Amid Monday's excitement, it was discovered that the blue-and-green ocean wave wallpaper image Apple released to promote its upcoming OS X Mavericks for Mac is fitted precisely for a 27-inch Retina Thunderbolt Display, or even a 27-inch Retina iMac.
The 5,120-by-2,880-pixel image hosted on Apple's website is sized at exactly twice the width and height of the 2,560 by 1,440 pixels found in today's 27-inch iMac and 27-inch Apple Thunderbolt display. The Retina-caliber wallpaper was first noted on Twitter by Web designer Marvin Scharle.
Apple first hinted at Retina display support for its MacBook Pro lineup in 2011, when a developer preview of OS X Lion included a high-resolution wallpaper at 3,200 by 2,000 pixels. But Apple didn't release its first Retina display MacBook Pro until mid-2012, over a year later.
It's possible that Apple could bring a Retina-caliber resolution to its standalone Thunderbolt Display later this year, alongside the debut of a new Mac Pro. When the company offered a sneak peek at its new cylindrical Mac Pro on Monday, it boasted that the high-end machine will be powerful enough to drive three 4K-resolution displays âÂ but Apple does not currently offer any screens with a 4K resolution.
The 4K Ultra high definition television standard has a resolution of 3,840 by 2,160 pixels, giving it an aspect ratio of 16 to 9. The Digital Cinema Initiatives 4K resolution is slightly wider, at 4,096 by 2,160 pixels.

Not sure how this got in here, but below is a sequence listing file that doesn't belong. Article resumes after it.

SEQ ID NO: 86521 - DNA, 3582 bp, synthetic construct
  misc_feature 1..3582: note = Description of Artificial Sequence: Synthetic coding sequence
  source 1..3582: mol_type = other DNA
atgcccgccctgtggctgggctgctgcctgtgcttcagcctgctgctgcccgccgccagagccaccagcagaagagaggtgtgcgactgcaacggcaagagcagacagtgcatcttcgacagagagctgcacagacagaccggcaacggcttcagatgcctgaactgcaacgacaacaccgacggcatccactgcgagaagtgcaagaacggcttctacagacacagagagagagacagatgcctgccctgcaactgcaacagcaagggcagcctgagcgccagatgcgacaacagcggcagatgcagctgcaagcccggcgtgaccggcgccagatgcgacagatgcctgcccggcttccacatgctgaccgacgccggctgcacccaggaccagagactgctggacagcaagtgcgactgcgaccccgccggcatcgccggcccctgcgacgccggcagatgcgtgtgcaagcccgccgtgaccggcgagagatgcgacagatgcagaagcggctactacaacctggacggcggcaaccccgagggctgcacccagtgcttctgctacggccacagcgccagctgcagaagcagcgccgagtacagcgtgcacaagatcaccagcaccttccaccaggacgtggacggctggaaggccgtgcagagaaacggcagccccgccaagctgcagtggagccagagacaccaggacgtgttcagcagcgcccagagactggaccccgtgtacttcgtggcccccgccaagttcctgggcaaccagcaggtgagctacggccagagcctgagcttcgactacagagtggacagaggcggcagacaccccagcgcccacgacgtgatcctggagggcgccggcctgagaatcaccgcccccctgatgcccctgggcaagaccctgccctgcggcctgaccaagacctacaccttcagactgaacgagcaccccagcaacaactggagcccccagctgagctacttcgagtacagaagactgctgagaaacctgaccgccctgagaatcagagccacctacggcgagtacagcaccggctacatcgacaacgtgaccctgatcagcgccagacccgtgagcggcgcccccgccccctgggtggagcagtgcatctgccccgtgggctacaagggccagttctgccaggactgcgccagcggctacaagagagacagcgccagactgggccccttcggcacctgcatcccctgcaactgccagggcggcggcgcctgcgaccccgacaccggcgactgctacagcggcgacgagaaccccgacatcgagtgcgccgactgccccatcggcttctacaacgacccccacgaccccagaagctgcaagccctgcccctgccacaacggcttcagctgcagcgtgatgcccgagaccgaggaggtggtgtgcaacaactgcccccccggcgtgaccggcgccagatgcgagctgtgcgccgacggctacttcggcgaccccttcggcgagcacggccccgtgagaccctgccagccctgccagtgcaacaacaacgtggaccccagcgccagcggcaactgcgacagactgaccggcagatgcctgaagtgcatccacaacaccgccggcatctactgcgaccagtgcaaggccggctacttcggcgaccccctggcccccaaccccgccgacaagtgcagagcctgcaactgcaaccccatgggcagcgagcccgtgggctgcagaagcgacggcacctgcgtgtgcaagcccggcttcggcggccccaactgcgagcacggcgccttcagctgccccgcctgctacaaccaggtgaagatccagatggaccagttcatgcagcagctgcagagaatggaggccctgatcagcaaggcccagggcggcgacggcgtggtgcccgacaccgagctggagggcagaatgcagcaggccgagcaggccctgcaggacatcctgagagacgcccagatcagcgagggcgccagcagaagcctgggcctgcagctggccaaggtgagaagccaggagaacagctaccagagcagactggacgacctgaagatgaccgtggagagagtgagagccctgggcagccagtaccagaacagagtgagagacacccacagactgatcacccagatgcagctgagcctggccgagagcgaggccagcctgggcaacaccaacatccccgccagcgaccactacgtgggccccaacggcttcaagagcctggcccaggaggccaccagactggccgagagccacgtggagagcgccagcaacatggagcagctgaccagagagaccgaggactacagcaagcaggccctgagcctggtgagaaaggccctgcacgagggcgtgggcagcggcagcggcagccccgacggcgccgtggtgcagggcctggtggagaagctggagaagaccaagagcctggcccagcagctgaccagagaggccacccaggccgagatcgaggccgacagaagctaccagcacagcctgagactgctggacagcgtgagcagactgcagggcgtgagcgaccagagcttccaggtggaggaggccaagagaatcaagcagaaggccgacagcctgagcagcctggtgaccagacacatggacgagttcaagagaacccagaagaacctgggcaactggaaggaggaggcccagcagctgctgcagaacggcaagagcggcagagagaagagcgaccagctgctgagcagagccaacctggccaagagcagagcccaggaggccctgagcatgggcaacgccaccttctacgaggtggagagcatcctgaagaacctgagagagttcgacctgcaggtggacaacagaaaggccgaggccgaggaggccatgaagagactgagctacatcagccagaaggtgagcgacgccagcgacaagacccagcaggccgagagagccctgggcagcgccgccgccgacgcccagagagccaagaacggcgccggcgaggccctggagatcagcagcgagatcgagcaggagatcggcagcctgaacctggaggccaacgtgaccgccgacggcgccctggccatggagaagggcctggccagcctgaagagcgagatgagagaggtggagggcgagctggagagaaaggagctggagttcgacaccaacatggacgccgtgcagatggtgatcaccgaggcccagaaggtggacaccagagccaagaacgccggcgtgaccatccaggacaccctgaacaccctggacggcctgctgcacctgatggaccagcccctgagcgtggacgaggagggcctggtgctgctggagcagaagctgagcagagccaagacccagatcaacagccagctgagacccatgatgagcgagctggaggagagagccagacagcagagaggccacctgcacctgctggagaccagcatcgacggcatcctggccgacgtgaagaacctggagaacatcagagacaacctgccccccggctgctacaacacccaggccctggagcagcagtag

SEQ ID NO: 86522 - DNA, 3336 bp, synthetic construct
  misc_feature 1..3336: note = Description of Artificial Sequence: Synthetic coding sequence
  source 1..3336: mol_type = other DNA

Anticipation of a next-generation Thunderbolt Display has swirled since Apple redesigned its iMac lineup with a thinner profile in late 2012. The company's standalone big-screen displays have traditionally employed the same technology as its big-screen iMac, but such an update has not yet come to its Thunderbolt Display.
Speculation about a 27-inch Retina display from Apple also comes as new rumors published this week by hit-or-miss publication DigiTimes claim that Apple is planning to release a new iMac in the second half of calendar 2013. Citing Taiwan-based industry supply chain sources, the report said that Apple is looking for alternatives to LG Display, as that company had low yields for iMac panels when the all-in-one desktop was redesigned in late 2012.
That report made no mention of a possible Retina display for new iMacs, but those machines could also be a potential candidate for a high-resolution upgrade, based on the double-pixel wallpaper found in Apple's first OS X Mavericks beta.